• Angela says:

        This. Well said.
        I’m not a supporter of the Republican party, nor a conservative, and yet I think that Jeb Bush came off quite well in his interview with Stephen the other night. I think the man had some good things to say, and came off very genuine and respectful.

  5. PJ says:

    Haven’t watched the Biden episode yet, but I am really enjoying the Late Show. Stephen is doing a good job. There are obviously some nerves and clunky parts but I want to keep watching. I don’t know why everyone is so shocked he is not his character from the Report. How many times was it stated he would not bring his “character” to this show?

    I have been fatigued for some time from the whole man-child/virtual video thing that is both Jimmys. I like Fallon and Kimmel but I’ll be tuning in to Colbert’s show. It just feels more grown up and I like the variety of the guests.

  6. Angela says:

    Lovely, lovely interview. Very moving and honest and thoughtful.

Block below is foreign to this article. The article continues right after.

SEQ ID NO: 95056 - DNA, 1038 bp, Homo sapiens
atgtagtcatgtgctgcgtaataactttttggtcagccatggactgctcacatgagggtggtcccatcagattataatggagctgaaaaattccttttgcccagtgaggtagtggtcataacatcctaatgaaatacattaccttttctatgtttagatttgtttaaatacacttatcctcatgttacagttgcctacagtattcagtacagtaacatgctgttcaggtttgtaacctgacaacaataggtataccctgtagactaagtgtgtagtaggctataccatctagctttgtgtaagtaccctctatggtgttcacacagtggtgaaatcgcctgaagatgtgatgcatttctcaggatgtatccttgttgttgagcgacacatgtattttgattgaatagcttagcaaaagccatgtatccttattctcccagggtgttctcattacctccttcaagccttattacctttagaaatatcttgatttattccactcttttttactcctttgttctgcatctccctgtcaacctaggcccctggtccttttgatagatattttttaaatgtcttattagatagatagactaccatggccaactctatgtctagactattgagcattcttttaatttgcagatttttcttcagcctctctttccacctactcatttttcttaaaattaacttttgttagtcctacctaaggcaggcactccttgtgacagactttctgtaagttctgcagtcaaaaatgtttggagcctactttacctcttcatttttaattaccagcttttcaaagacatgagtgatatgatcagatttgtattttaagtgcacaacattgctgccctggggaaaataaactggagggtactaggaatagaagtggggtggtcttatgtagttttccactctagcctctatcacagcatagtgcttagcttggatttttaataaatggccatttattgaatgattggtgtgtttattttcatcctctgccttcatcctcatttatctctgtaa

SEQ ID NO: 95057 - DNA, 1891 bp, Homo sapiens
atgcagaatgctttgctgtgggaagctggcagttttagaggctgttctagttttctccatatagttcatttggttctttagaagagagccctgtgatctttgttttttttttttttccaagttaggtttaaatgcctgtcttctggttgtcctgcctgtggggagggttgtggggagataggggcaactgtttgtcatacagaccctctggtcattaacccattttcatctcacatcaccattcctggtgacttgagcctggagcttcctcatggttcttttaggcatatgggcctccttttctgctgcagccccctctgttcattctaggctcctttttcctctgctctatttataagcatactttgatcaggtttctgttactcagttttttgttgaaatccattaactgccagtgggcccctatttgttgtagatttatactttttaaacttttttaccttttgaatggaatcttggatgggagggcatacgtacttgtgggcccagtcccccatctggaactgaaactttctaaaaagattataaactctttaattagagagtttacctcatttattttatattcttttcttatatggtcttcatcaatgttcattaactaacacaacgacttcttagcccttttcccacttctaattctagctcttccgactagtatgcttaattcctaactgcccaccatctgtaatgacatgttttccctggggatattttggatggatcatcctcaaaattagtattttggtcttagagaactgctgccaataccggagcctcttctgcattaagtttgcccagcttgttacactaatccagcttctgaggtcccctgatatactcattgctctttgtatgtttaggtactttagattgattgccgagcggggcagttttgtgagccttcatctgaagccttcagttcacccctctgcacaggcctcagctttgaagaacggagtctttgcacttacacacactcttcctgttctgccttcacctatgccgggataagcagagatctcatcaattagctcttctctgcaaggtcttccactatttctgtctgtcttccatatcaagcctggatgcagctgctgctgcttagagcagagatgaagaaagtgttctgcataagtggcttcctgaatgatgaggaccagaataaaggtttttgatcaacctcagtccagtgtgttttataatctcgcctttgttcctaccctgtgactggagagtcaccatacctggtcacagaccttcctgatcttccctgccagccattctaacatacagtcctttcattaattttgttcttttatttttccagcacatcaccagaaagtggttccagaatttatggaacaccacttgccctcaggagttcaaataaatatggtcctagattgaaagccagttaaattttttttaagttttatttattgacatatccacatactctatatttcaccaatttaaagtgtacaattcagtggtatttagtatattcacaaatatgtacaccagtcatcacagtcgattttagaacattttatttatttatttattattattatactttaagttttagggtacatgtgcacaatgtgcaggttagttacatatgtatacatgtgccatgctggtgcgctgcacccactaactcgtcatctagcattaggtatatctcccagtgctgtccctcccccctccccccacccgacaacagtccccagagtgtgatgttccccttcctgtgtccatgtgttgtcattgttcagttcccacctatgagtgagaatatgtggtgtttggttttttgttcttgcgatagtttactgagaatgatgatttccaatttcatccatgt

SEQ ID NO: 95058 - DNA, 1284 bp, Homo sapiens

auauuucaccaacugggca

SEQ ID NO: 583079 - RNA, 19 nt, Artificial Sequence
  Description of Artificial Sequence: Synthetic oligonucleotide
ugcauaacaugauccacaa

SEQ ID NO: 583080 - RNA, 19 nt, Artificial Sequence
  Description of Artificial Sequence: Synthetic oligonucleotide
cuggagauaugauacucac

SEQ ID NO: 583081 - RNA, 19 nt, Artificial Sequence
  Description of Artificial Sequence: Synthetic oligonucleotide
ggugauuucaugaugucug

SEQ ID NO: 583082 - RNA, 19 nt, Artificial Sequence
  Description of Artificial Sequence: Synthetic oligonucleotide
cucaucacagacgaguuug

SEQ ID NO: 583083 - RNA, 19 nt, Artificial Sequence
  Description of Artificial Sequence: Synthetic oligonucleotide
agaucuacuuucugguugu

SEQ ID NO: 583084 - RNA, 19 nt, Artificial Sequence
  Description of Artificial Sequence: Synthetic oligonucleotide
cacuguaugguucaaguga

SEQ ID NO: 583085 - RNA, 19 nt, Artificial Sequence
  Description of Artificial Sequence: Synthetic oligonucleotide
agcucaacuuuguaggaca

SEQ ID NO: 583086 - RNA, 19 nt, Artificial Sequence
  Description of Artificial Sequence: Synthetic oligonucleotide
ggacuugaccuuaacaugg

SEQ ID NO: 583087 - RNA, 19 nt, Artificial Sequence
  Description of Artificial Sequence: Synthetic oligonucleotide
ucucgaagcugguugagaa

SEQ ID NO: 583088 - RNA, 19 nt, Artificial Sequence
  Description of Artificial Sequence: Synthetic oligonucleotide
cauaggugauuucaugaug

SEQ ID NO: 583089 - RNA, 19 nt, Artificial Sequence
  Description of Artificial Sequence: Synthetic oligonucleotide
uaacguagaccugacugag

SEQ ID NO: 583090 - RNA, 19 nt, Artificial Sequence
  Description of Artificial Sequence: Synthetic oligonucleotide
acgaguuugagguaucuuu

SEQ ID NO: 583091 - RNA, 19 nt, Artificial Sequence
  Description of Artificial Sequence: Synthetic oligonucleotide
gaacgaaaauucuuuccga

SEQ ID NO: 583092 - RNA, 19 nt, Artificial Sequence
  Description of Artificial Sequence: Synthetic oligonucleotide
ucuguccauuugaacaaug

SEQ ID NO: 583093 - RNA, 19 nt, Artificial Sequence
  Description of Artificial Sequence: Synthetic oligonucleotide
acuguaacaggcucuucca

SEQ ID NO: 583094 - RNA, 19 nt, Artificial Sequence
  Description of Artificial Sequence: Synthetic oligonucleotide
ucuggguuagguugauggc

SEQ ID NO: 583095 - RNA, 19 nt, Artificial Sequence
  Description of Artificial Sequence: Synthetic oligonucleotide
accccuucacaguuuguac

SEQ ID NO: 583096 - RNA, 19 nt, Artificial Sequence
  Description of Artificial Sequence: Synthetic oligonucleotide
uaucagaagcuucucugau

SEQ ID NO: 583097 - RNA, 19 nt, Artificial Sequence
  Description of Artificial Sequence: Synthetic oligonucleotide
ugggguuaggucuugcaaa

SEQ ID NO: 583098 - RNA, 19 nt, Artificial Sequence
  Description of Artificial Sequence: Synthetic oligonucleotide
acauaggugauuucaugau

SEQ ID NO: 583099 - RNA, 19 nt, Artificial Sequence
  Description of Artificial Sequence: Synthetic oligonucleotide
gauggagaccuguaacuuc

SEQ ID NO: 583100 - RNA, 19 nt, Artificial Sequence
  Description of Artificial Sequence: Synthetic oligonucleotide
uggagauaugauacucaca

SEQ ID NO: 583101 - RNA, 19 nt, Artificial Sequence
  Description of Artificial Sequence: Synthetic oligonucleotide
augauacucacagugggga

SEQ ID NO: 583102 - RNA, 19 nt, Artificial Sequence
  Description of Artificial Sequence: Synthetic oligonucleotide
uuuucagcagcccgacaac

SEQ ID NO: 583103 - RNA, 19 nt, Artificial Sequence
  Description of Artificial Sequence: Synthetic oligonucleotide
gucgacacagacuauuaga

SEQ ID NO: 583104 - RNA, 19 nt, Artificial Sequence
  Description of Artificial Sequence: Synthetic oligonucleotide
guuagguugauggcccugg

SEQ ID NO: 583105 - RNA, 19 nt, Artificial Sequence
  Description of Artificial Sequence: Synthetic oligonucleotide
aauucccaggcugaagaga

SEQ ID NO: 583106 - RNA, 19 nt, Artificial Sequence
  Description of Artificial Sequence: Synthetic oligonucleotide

People talked about how some of the best moments of Craig Ferguson’s show were when he’d do monologues on his alcoholism or the struggles Britney Spears dealt with or the loss of his parents. I think Colbert could be like that here, too-if he keeps doing interviews like this, I think that’ll definitely make his show that much more special. I am all for seeing more of these kinds of conversations.

  7. Andrea says:

    That was a lovely interview. Based on the story about meeting a serviceman who served with Beau, it doesn’t sound like Joe is emotionally ready to run. I just hope he finds some peace in whatever his decision might be. I’m glad that the interview was two segments long. Good job, Stephen!